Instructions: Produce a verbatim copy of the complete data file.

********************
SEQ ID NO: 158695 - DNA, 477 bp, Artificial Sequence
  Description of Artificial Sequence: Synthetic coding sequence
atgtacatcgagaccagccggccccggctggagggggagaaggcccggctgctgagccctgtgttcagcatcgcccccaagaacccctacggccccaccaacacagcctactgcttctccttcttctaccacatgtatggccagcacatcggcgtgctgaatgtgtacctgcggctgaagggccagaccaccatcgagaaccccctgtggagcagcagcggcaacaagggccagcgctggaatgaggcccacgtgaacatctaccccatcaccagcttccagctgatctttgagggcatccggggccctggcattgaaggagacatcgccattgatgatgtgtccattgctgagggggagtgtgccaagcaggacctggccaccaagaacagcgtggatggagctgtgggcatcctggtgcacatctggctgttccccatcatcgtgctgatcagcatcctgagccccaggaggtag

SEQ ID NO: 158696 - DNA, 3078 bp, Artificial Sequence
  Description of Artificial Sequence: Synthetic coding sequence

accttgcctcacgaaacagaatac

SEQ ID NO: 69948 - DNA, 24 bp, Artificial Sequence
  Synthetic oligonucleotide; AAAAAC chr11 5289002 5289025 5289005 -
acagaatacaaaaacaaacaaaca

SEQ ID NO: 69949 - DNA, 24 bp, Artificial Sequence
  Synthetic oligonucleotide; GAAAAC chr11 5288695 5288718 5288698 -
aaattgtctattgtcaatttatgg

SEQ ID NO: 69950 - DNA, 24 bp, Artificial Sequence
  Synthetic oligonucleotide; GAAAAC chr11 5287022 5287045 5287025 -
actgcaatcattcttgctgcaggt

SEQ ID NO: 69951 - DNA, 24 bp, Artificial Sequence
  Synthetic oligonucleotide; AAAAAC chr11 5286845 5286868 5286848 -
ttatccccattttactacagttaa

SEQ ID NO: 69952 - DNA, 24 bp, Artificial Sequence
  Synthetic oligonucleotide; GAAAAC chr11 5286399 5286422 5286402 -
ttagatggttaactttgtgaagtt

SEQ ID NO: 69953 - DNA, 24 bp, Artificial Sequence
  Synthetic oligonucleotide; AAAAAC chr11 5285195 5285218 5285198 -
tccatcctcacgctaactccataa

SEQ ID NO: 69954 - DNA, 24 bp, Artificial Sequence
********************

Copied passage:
SEQ ID NO: 158695 - DNA, 477 bp, Artificial Sequence
  Description of Artificial Sequence: Synthetic coding sequence
atgtacatcgagaccagccggccccggctggagggggagaaggcccggctgctgagccctgtgttcagcatcgcccccaagaacccctacggccccaccaacacagcctactgcttctccttcttctaccacatgtatggccagcacatcggcgtgctgaatgtgtacctgcggctgaagggccagaccaccatcgagaaccccctgtggagcagcagcggcaacaagggccagcgctggaatgaggcccacgtgaacatctaccccatcaccagcttccagctgatctttgagggcatccggggccctggcattgaaggagacatcgccattgatgatgtgtccattgctgagggggagtgtgccaagcaggacctggccaccaagaacagcgtggatggagctgtgggcatcctggtgcacatctggctgttccccatcatcgtgctgatcagcatcctgagccccaggaggtag

SEQ ID NO: 158696 - DNA, 3078 bp, Artificial Sequence
  Description of Artificial Sequence: Synthetic coding sequence

accttgcctcacgaaacagaatac

SEQ ID NO: 69948 - DNA, 24 bp, Artificial Sequence
  Synthetic oligonucleotide; AAAAAC chr11 5289002 5289025 5289005 -
acagaatacaaaaacaaacaaaca

SEQ ID NO: 69949 - DNA, 24 bp, Artificial Sequence
  Synthetic oligonucleotide; GAAAAC chr11 5288695 5288718 5288698 -
aaattgtctattgtcaatttatgg

SEQ ID NO: 69950 - DNA, 24 bp, Artificial Sequence
  Synthetic oligonucleotide; GAAAAC chr11 5287022 5287045 5287025 -
actgcaatcattcttgctgcaggt

SEQ ID NO: 69951 - DNA, 24 bp, Artificial Sequence
  Synthetic oligonucleotide; AAAAAC chr11 5286845 5286868 5286848 -
ttatccccattttactacagttaa

SEQ ID NO: 69952 - DNA, 24 bp, Artificial Sequence
  Synthetic oligonucleotide; GAAAAC chr11 5286399 5286422 5286402 -
ttagatggttaactttgtgaagtt

SEQ ID NO: 69953 - DNA, 24 bp, Artificial Sequence
  Synthetic oligonucleotide; AAAAAC chr11 5285195 5285218 5285198 -
tccatcctcacgctaactccataa

SEQ ID NO: 69954 - DNA, 24 bp, Artificial Sequence